Have you ever wondered what exactly is in a nuget to see if it’s right for you? You read the description, you like the name, but, if you’re like me, you probably ended up in GitHub reading the source code to decide if you want to use the library.
This announced last week but after I posted last week round up. What a straight awesome idea. Incredible.
Hi, I’m Nat Friedman, future CEO of GitHub (when the deal closes at the end of the year). I’m here to answer your questions about the planned acquisition, and Microsoft’s work with developers and open source. Ask me anything
After the big announcement on Monday of Microsoft acquiring GitHub, it’s pretty interesting to read some of the Q&A.
Eric Lippert (@ericlippert) and Gor Nishanov (@GorNishanov) discuss C++ co-routines, probabilistic programming, undefined behavior, and more. Eric Lippert was the first dev interviewee on @Ch9. In fact, it was his interview that really made us believe that we were on to something with unscripted conversations in video format… Great to see Eric again! He still has the boyish looks and sly grin. Amazing, the things he and team are working on, which should have impact across the industry. Gor loves C++ and he is quite the personality. His co-routine design is on the path to standardization in C++20. We (Service Fabric team) use his current implementation in many places, including code that runs in the Windows kernel. We love co-routines!. We must get him to spend more time on camera and share his passionate insights.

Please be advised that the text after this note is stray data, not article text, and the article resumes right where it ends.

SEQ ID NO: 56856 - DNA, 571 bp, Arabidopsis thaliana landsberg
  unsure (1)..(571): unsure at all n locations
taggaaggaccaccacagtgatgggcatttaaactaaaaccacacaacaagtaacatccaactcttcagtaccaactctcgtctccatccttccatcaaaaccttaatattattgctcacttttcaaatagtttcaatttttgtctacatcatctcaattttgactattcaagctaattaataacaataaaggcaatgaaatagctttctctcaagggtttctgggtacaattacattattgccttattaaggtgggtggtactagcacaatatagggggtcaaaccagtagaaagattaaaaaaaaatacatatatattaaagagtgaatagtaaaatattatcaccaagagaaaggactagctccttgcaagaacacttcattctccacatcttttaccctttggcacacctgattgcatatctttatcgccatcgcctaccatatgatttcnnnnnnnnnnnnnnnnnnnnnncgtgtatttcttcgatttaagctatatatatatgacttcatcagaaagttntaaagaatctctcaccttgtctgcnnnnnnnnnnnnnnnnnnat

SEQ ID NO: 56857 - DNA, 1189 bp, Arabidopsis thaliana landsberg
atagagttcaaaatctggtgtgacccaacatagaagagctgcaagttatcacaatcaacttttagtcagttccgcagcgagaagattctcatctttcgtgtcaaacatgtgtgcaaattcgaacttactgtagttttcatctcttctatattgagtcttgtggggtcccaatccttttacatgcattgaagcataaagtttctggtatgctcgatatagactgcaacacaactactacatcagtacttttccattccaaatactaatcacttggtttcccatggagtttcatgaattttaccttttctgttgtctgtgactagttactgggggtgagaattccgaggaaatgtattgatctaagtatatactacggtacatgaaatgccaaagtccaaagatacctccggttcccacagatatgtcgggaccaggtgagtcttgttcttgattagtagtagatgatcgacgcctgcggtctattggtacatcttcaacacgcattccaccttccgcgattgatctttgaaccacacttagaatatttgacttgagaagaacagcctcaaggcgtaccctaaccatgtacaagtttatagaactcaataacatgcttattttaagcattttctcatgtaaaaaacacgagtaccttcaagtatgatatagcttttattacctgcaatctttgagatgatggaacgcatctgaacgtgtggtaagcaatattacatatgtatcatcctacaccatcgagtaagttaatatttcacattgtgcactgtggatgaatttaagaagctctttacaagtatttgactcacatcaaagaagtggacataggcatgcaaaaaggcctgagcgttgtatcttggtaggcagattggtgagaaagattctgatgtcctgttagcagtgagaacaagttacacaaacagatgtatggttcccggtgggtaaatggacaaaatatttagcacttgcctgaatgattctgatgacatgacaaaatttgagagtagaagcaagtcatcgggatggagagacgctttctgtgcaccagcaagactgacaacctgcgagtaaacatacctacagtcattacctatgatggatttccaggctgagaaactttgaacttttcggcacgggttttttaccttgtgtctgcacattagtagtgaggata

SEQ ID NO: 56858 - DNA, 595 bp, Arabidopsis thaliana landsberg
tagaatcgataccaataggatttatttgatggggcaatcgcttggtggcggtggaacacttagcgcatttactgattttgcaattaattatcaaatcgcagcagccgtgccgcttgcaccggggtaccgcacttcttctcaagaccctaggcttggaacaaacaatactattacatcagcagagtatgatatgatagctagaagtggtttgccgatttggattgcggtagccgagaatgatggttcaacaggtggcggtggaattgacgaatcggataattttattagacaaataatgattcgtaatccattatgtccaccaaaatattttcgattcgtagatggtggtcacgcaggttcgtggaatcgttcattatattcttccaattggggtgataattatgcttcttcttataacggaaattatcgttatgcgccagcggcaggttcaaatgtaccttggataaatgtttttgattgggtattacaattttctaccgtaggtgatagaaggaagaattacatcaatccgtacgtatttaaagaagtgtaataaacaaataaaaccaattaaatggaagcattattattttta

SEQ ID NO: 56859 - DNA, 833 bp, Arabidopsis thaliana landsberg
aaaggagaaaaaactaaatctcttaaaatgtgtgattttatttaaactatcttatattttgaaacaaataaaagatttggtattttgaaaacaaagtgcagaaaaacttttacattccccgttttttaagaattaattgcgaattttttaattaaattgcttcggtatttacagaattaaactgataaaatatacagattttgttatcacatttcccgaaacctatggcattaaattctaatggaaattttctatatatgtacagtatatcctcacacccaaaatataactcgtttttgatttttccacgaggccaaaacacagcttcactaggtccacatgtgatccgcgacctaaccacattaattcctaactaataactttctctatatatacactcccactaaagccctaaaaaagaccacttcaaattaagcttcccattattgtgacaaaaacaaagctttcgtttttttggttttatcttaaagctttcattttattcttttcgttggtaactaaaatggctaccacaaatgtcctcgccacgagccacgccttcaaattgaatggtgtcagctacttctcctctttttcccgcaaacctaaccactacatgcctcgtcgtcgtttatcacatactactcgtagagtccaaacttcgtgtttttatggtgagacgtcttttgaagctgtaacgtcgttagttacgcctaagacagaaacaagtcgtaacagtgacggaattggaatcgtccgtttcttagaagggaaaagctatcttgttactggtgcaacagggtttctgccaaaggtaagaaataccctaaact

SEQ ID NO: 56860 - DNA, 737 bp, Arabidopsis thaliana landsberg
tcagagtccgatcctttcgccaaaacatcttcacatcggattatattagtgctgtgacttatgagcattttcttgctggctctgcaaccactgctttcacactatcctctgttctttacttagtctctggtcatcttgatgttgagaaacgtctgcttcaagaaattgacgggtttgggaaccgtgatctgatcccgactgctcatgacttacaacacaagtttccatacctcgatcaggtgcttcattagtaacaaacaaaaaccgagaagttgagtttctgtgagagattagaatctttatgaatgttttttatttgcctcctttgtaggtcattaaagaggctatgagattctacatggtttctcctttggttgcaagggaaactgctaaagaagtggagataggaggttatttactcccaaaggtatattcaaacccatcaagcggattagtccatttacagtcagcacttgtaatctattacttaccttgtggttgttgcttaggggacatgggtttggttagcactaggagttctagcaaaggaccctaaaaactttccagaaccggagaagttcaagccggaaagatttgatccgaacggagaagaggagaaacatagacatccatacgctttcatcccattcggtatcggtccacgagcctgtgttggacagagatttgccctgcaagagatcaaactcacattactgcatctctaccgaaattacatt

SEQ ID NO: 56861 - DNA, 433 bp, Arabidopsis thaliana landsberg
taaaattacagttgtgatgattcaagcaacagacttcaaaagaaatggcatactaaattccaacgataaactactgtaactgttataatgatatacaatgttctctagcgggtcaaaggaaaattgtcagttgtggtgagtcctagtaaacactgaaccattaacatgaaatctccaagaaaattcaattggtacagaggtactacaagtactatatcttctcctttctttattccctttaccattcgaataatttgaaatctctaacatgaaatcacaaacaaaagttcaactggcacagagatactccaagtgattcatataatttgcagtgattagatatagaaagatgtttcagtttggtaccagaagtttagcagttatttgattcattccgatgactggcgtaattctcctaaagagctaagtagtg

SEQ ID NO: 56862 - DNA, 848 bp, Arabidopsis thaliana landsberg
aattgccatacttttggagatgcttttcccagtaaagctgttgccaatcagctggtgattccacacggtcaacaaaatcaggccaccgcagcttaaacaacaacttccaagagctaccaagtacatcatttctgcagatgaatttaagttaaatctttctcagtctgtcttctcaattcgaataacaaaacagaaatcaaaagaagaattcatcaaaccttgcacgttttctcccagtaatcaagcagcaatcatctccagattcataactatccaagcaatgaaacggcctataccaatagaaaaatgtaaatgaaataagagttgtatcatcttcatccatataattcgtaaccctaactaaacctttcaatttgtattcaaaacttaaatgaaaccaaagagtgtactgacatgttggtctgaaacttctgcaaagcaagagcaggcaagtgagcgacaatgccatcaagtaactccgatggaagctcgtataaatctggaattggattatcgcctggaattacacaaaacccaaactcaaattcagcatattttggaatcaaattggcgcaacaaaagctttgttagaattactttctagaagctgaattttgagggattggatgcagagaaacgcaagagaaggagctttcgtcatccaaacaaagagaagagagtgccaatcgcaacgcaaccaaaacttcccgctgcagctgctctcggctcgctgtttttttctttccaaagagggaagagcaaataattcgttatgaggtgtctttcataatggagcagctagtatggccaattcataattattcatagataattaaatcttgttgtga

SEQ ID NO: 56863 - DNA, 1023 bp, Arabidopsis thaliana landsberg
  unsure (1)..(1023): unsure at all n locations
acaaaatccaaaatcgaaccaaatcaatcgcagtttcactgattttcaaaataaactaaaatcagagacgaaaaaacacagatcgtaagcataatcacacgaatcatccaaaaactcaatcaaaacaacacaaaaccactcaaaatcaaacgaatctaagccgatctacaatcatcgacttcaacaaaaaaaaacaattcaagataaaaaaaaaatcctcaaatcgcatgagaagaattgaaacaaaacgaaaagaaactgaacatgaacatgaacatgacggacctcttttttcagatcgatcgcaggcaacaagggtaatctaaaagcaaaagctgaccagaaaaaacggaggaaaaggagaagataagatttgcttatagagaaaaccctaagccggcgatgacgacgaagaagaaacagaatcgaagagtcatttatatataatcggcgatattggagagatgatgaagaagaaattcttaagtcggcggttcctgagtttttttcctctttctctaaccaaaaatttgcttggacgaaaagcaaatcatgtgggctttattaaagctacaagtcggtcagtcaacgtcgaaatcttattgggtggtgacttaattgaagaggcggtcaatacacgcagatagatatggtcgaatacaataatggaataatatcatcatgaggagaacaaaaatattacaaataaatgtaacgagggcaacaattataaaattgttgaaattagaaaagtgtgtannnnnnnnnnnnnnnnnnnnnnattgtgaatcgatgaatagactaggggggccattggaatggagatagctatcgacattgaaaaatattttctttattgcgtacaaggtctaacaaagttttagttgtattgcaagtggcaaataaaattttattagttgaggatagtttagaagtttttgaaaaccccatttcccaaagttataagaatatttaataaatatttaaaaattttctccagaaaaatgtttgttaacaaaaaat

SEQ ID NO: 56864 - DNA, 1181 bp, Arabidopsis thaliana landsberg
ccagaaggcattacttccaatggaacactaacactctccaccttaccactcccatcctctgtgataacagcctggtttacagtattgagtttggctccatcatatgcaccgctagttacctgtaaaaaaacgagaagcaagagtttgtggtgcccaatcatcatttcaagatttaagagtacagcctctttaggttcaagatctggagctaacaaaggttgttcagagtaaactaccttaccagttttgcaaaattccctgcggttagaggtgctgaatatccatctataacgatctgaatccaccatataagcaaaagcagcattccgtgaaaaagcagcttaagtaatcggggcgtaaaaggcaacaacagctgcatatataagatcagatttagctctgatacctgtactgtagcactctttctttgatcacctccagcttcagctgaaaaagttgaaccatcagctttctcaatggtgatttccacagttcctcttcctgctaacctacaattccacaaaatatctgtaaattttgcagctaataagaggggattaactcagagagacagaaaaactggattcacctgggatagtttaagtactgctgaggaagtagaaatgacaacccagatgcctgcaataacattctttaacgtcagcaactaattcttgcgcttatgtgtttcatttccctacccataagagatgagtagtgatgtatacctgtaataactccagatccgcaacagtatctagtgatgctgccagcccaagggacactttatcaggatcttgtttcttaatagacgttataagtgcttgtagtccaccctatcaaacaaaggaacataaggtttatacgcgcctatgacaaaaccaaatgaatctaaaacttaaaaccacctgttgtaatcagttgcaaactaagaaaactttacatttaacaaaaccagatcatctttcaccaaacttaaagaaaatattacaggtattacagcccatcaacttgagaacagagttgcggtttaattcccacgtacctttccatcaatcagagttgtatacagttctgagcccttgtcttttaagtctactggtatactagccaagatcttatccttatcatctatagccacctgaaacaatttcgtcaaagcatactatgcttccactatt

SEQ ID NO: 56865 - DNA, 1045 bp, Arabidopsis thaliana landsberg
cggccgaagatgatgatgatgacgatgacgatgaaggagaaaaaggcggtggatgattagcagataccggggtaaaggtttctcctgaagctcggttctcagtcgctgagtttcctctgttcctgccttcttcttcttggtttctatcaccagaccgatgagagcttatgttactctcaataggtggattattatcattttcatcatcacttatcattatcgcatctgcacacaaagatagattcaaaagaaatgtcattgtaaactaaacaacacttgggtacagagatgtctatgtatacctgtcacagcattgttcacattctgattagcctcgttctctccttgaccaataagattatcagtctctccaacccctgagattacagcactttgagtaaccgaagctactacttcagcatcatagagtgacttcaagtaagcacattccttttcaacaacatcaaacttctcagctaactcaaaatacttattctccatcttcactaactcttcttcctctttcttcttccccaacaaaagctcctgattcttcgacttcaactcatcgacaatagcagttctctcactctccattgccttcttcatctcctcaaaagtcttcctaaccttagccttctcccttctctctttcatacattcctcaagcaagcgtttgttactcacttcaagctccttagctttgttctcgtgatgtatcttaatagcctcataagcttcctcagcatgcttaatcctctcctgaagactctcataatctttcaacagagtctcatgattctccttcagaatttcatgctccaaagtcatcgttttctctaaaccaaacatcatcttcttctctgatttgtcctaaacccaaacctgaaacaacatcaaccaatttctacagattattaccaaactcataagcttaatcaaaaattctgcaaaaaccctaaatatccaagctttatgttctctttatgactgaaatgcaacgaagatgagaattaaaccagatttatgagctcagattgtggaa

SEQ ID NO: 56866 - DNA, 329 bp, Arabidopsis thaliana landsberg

Pretty interesting listening to the gripes about Node and interesting to see the prototype project Deno with TypeScript.
You’ve spent months re-architecting your monolith into the new microservices vision. Everyone gathers around to flip the switch. You navigate to the first page…and nothing happens. Refresh…still nothing. The site is so slow, it won’t respond for minutes. What happened? In this session, I’ll walk through a post-mortem of a real-life microservice disaster. I’ll show the modeling, development and production problems we found, and how we slowly morphed the new distributed monolith into our final picture of sanity. While we can’t prevent project failures, we can at least identify problems early on in our design so that our final product results in a clean, robust distributed system.